Maps or aerial photographs are invaluable tools to understand the layout of an area. Here in this section you will find a selection of both, charting the development of South Kensington and the Exhibition Road Cultural Quarter, from c.1856 up to the present day.
The area began as a green suburb of London, populated by just a few houses. Everything changed after the phenomenal success of the Great Exhibition of 1851, located just to the north of the site. With the proceeds from the exhibition 86 acres of land between Kensington Gardens and Cromwell Road were purchased for educational use.
Over the next 50 years the area developed into a unique cultural centre with national museums, arts and sciences institutions, and a university. A vibrant hive of building activity, resulting in the South Kensington Museum (later the Victoria And Albert Museum), the Natural History Museum, the Royal Albert Hall, and Imperial College, all of which can be seen in the aerial views.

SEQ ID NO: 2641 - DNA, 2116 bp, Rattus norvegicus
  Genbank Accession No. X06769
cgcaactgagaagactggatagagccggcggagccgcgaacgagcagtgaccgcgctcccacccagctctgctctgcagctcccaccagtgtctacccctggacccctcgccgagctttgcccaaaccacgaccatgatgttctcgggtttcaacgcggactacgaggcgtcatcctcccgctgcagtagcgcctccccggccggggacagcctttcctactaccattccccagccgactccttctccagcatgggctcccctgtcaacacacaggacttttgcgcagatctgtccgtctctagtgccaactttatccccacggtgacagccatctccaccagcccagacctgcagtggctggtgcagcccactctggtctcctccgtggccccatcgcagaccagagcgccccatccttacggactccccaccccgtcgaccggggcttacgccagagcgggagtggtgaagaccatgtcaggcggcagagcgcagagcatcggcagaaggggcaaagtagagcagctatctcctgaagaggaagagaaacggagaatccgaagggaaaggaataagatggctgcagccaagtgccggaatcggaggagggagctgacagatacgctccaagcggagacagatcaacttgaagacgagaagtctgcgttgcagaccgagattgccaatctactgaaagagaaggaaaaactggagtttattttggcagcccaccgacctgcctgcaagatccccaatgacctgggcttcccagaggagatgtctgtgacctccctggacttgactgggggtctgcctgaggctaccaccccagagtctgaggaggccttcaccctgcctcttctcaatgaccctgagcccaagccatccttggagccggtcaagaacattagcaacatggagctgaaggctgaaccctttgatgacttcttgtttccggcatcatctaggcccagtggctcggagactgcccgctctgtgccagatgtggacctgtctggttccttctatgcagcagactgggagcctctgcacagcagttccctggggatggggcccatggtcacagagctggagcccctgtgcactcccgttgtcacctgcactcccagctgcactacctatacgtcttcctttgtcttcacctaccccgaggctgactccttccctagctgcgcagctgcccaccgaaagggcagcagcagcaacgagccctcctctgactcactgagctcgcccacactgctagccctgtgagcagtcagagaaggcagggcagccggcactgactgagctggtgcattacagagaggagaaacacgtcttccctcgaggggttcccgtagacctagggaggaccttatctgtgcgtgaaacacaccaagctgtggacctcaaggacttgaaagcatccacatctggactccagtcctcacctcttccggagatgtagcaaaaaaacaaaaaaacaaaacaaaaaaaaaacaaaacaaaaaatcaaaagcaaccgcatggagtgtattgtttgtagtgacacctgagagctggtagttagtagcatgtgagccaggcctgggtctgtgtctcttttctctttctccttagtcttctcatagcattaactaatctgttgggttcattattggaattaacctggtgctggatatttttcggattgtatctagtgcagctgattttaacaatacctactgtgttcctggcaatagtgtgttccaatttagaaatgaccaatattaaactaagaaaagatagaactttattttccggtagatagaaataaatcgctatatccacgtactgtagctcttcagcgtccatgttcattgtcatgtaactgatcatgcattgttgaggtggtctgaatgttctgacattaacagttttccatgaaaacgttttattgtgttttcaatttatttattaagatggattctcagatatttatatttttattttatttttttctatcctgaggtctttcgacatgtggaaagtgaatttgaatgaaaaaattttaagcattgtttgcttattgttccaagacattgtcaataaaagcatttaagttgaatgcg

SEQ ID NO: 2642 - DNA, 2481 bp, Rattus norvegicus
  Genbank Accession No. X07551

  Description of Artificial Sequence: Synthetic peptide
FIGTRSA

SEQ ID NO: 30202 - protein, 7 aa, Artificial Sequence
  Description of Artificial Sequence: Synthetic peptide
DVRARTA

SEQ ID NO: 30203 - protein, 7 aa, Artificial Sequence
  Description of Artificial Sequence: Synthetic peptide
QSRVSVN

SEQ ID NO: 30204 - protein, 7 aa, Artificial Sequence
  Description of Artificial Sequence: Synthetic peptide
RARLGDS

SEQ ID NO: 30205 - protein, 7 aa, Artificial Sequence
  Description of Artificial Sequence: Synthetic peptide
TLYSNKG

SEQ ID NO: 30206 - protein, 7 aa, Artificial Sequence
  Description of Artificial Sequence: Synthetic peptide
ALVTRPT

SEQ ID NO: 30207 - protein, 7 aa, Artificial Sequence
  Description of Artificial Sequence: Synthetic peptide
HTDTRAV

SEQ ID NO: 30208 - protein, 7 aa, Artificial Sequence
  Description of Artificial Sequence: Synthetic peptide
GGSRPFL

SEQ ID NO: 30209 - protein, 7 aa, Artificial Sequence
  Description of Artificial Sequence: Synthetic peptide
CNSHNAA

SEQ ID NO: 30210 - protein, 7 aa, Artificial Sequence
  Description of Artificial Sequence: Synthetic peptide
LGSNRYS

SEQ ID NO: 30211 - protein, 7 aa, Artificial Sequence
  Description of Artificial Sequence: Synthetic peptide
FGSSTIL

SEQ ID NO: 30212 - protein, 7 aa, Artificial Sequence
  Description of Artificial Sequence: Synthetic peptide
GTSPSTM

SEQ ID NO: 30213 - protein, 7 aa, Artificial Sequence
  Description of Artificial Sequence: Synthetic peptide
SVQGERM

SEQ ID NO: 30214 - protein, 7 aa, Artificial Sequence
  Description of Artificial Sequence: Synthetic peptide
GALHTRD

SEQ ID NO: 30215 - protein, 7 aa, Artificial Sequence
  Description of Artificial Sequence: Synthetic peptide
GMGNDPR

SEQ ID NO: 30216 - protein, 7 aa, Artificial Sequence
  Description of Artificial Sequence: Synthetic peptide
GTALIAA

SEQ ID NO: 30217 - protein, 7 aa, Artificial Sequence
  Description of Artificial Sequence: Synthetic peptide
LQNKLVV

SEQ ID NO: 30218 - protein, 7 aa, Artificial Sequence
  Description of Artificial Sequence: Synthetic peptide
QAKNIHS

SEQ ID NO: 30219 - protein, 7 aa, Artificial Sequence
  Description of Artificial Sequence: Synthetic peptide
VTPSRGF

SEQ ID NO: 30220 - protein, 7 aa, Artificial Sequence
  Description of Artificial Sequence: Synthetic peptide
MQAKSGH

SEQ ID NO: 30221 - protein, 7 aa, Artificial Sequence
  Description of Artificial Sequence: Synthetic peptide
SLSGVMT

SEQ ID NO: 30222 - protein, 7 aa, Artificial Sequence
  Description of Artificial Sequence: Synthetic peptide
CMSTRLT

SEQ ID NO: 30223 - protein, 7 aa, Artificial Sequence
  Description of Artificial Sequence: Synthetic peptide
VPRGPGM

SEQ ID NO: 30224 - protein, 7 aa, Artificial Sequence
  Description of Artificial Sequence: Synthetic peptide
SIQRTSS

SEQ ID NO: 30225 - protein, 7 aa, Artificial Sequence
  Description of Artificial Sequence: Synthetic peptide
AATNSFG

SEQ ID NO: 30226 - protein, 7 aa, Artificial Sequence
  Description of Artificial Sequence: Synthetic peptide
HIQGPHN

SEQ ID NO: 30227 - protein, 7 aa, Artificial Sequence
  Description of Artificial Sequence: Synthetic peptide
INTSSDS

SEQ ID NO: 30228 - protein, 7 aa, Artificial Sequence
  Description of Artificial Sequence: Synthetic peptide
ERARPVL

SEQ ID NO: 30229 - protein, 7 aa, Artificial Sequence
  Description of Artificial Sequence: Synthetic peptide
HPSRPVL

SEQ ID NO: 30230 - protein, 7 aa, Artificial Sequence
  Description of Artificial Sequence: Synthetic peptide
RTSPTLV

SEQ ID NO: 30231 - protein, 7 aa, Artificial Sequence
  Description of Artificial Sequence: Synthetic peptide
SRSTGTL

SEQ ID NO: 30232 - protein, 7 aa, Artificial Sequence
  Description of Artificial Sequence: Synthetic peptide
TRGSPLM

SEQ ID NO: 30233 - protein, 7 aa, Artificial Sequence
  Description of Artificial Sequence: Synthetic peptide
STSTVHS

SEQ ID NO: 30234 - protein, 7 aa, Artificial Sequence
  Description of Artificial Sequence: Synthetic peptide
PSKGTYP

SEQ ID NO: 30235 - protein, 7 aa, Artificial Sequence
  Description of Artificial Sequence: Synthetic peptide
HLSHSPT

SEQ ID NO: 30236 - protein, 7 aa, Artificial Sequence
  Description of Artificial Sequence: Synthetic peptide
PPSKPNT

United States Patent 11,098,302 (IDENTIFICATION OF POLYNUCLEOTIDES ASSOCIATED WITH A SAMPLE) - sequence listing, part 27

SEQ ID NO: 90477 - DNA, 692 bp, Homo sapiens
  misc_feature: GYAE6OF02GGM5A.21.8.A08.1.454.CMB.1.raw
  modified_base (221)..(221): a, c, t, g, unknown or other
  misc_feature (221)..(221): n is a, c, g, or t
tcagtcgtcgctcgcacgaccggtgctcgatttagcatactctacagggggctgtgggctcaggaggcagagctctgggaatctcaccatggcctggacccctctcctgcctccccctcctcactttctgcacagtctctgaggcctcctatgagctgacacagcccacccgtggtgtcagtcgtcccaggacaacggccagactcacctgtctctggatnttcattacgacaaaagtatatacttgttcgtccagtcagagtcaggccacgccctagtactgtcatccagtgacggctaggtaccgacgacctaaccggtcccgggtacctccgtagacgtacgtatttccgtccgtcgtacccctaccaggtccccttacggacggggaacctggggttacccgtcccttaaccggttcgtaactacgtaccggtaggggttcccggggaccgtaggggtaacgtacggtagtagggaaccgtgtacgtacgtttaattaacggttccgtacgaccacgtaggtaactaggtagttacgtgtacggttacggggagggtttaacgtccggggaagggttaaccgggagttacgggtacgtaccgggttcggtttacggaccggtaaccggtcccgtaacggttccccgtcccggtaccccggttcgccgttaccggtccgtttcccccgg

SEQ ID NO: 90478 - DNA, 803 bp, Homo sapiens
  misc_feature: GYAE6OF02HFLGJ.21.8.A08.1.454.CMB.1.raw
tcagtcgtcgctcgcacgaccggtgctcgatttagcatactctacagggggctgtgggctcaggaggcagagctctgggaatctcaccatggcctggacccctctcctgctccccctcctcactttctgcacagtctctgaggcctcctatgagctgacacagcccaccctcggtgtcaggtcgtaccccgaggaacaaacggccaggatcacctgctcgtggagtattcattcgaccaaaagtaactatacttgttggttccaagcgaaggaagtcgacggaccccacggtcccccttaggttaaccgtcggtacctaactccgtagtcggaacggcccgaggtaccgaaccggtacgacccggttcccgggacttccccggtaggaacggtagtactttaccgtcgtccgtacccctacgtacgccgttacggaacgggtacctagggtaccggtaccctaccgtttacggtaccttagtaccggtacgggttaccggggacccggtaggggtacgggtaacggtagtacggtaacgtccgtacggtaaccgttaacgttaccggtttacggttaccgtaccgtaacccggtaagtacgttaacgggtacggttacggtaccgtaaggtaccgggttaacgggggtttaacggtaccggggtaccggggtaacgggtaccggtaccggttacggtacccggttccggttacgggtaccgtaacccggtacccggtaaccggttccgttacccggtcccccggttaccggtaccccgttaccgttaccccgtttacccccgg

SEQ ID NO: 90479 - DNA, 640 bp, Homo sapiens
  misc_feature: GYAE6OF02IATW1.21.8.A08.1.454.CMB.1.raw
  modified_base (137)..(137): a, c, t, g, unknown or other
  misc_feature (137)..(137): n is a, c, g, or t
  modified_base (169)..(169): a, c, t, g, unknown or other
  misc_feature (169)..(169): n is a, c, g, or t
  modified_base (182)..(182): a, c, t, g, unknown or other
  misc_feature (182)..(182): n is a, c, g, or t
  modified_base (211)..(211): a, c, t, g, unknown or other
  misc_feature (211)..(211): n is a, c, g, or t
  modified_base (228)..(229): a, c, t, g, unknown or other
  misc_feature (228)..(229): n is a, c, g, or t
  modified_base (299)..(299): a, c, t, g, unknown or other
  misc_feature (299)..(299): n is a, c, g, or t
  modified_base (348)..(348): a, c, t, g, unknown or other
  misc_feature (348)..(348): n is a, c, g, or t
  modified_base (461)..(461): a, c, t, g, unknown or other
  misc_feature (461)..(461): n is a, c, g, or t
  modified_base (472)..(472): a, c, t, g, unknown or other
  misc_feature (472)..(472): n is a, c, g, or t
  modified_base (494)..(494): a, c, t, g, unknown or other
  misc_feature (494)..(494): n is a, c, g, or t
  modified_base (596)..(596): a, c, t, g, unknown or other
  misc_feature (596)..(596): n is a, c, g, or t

Exhibition Road Cultural Group
The legacy of the Great Exhibition, and Prince Albert's vision of one location for the learned and artistic societies of Britain, was reinforced in 2003 when the Exhibition Road Cultural Group (ERCG) was formed. 16 internationally renowned arts, cultural and learning institutions have come together to champion the area and collaborate on projects. This includes the current transformation of Exhibition Road, working to partially pedestrianise the area by 2012.